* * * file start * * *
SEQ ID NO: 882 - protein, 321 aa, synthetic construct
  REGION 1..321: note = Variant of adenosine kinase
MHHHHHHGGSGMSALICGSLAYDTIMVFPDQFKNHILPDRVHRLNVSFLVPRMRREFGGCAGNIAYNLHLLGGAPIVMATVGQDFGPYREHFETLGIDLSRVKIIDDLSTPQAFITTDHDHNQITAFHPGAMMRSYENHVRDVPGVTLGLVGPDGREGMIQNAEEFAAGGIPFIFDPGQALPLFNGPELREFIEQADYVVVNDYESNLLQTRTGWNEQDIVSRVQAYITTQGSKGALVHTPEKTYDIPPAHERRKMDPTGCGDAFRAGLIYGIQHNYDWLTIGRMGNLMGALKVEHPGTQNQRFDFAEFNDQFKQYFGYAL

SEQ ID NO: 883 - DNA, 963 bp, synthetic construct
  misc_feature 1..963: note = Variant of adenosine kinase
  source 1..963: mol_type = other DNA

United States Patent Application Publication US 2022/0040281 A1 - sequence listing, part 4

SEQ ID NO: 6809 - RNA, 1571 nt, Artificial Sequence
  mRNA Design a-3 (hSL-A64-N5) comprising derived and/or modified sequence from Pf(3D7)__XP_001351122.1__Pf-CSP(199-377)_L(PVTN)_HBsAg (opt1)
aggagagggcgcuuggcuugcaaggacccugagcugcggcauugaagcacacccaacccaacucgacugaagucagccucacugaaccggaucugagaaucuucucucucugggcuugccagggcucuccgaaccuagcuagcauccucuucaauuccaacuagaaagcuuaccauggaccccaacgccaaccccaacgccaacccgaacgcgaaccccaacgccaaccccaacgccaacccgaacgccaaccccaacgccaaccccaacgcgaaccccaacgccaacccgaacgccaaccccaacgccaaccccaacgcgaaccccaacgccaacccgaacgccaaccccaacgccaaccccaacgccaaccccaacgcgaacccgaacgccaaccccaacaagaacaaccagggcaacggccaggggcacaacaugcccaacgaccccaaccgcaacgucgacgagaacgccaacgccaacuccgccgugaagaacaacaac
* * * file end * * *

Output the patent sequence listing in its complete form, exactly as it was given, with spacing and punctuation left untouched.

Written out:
SEQ ID NO: 882 - protein, 321 aa, synthetic construct
  REGION 1..321: note = Variant of adenosine kinase
MHHHHHHGGSGMSALICGSLAYDTIMVFPDQFKNHILPDRVHRLNVSFLVPRMRREFGGCAGNIAYNLHLLGGAPIVMATVGQDFGPYREHFETLGIDLSRVKIIDDLSTPQAFITTDHDHNQITAFHPGAMMRSYENHVRDVPGVTLGLVGPDGREGMIQNAEEFAAGGIPFIFDPGQALPLFNGPELREFIEQADYVVVNDYESNLLQTRTGWNEQDIVSRVQAYITTQGSKGALVHTPEKTYDIPPAHERRKMDPTGCGDAFRAGLIYGIQHNYDWLTIGRMGNLMGALKVEHPGTQNQRFDFAEFNDQFKQYFGYAL

SEQ ID NO: 883 - DNA, 963 bp, synthetic construct
  misc_feature 1..963: note = Variant of adenosine kinase
  source 1..963: mol_type = other DNA

United States Patent Application Publication US 2022/0040281 A1 - sequence listing, part 4

SEQ ID NO: 6809 - RNA, 1571 nt, Artificial Sequence
  mRNA Design a-3 (hSL-A64-N5) comprising derived and/or modified sequence from Pf(3D7)__XP_001351122.1__Pf-CSP(199-377)_L(PVTN)_HBsAg (opt1)
aggagagggcgcuuggcuugcaaggacccugagcugcggcauugaagcacacccaacccaacucgacugaagucagccucacugaaccggaucugagaaucuucucucucugggcuugccagggcucuccgaaccuagcuagcauccucuucaauuccaacuagaaagcuuaccauggaccccaacgccaaccccaacgccaacccgaacgcgaaccccaacgccaaccccaacgccaacccgaacgccaaccccaacgccaaccccaacgcgaaccccaacgccaacccgaacgccaaccccaacgccaaccccaacgcgaaccccaacgccaacccgaacgccaaccccaacgccaaccccaacgccaaccccaacgcgaacccgaacgccaaccccaacaagaacaaccagggcaacggccaggggcacaacaugcccaacgaccccaaccgcaacgucgacgagaacgccaacgccaacuccgccgugaagaacaacaac